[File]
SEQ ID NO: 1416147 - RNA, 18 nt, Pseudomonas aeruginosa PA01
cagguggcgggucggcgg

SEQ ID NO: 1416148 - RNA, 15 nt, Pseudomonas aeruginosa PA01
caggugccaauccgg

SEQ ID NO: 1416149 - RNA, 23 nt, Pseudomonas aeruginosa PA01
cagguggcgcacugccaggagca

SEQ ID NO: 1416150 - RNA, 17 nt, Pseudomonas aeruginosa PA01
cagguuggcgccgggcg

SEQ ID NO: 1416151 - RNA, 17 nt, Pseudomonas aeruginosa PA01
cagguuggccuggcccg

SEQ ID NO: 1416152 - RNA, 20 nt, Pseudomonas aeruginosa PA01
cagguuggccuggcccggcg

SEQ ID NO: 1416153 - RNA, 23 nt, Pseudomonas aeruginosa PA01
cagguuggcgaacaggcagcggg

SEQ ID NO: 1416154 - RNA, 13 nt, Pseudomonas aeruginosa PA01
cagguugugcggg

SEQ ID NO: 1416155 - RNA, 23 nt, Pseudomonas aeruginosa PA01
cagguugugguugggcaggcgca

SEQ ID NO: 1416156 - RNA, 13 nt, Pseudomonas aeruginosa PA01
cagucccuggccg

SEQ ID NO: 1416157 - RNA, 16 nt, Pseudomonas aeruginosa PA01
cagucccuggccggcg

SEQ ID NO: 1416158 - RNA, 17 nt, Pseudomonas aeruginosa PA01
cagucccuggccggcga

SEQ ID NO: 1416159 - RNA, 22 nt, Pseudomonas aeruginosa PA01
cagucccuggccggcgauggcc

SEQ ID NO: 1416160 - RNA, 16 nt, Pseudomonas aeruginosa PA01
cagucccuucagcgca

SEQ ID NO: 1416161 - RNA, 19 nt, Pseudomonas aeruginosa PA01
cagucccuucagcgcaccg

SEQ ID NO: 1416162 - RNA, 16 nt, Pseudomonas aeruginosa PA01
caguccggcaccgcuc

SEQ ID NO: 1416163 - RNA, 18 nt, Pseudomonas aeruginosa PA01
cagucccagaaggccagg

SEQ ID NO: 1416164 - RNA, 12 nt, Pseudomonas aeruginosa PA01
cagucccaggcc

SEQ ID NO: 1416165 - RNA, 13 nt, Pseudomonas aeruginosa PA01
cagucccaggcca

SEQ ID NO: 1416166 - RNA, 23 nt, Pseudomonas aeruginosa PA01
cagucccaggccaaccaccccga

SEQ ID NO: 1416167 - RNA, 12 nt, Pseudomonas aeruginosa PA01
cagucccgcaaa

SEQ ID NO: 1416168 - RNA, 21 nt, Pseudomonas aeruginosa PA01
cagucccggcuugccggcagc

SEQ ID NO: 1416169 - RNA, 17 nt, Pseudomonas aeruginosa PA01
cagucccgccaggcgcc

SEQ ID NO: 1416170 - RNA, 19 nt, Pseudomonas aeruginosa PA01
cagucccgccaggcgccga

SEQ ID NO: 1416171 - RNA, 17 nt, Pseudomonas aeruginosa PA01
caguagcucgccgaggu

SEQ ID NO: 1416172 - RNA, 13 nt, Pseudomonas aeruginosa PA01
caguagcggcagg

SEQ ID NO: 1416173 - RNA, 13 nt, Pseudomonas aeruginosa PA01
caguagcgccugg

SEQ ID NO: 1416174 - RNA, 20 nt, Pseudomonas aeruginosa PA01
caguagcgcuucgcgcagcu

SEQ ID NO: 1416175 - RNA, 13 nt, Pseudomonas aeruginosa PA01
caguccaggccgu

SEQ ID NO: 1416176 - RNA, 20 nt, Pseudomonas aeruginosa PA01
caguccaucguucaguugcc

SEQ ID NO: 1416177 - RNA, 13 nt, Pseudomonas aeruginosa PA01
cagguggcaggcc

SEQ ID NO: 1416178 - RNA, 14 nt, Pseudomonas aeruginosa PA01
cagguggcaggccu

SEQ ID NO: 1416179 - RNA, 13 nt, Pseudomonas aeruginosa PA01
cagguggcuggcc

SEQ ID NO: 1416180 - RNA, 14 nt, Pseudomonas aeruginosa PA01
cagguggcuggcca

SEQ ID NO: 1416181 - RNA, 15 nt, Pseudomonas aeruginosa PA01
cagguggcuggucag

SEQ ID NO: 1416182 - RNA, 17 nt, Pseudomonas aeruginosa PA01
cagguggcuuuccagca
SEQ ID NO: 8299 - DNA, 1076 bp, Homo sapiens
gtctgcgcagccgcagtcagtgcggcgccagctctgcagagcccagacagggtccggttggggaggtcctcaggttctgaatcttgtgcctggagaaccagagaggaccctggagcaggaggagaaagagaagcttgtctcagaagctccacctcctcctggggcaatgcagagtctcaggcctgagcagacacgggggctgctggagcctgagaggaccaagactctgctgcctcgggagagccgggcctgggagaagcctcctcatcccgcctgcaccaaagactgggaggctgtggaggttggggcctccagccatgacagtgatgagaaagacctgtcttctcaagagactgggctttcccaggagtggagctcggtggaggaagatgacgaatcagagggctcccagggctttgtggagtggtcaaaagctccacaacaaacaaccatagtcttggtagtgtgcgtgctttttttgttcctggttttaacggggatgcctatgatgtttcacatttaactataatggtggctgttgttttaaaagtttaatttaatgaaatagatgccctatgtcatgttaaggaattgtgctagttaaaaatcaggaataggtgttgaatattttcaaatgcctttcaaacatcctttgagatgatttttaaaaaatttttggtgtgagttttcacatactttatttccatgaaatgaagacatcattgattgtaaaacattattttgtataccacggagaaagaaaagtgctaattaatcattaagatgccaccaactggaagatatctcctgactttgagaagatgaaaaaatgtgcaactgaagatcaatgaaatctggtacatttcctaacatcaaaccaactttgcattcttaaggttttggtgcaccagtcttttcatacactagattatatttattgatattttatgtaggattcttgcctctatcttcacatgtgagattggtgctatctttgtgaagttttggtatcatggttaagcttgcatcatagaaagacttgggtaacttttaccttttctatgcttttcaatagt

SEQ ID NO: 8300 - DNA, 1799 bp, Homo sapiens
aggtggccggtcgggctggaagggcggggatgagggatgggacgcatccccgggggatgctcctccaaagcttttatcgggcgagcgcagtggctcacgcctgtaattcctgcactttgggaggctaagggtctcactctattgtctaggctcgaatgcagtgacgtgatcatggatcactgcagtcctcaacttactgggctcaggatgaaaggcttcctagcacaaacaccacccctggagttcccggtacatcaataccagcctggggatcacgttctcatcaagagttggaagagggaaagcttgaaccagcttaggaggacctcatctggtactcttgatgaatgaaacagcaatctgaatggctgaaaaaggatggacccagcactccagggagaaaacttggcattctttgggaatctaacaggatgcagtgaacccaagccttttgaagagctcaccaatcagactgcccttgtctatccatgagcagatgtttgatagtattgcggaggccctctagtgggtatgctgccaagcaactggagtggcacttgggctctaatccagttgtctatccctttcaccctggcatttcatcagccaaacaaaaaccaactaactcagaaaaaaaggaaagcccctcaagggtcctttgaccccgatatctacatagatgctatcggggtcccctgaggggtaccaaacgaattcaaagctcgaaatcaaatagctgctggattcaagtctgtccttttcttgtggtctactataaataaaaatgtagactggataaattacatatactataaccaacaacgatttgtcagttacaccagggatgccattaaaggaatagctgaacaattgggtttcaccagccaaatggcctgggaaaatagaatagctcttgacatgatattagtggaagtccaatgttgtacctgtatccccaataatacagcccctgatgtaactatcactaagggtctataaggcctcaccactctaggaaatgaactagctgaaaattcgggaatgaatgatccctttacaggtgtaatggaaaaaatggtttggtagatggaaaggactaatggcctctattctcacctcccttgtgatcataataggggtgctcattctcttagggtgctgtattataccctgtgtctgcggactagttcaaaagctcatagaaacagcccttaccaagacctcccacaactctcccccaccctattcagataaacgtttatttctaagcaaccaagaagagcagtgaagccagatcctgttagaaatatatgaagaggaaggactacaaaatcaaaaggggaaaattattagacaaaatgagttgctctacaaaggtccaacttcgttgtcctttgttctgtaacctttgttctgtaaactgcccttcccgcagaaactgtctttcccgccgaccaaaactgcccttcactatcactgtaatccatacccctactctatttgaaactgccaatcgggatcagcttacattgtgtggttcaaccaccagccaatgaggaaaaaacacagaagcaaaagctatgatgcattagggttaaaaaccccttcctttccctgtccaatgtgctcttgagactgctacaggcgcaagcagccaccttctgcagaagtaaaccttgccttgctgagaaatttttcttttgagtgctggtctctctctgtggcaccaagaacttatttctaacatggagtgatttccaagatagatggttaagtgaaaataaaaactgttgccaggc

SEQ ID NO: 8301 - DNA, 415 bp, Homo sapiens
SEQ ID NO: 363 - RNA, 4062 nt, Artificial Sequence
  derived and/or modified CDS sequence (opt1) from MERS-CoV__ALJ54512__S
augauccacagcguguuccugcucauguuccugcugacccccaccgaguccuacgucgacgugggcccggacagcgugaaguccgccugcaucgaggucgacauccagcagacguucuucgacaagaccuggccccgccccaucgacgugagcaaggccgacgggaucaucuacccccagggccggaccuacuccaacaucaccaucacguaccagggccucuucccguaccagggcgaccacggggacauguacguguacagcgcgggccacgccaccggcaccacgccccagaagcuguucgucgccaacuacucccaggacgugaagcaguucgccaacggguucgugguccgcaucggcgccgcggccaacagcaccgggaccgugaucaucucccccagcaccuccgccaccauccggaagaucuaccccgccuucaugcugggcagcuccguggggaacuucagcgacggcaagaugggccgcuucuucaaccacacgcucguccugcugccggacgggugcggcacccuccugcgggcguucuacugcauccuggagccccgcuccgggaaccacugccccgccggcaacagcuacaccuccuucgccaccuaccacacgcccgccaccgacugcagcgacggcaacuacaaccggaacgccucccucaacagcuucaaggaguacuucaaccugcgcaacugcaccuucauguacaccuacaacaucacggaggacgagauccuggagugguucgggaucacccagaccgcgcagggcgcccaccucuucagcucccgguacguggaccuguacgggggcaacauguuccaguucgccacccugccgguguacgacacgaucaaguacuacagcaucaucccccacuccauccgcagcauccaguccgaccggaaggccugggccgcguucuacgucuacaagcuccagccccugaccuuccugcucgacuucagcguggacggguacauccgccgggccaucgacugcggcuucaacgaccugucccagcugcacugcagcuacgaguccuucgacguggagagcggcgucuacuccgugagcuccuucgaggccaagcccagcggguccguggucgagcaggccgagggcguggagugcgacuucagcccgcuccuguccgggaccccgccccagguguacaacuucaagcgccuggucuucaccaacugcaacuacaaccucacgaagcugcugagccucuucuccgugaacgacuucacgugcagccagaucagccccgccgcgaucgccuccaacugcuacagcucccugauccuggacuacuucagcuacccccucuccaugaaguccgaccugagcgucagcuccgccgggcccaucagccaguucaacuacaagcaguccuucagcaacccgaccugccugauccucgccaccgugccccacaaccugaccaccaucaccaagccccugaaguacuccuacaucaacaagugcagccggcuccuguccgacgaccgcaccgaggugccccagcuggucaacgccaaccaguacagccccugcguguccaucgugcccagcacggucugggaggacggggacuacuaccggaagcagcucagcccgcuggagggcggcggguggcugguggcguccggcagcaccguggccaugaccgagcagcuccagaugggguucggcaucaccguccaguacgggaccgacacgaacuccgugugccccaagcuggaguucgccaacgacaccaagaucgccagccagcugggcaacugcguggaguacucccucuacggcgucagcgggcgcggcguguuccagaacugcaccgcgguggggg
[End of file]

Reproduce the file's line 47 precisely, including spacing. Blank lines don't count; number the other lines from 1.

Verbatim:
SEQ ID NO: 1416170 - RNA, 19 nt, Pseudomonas aeruginosa PA01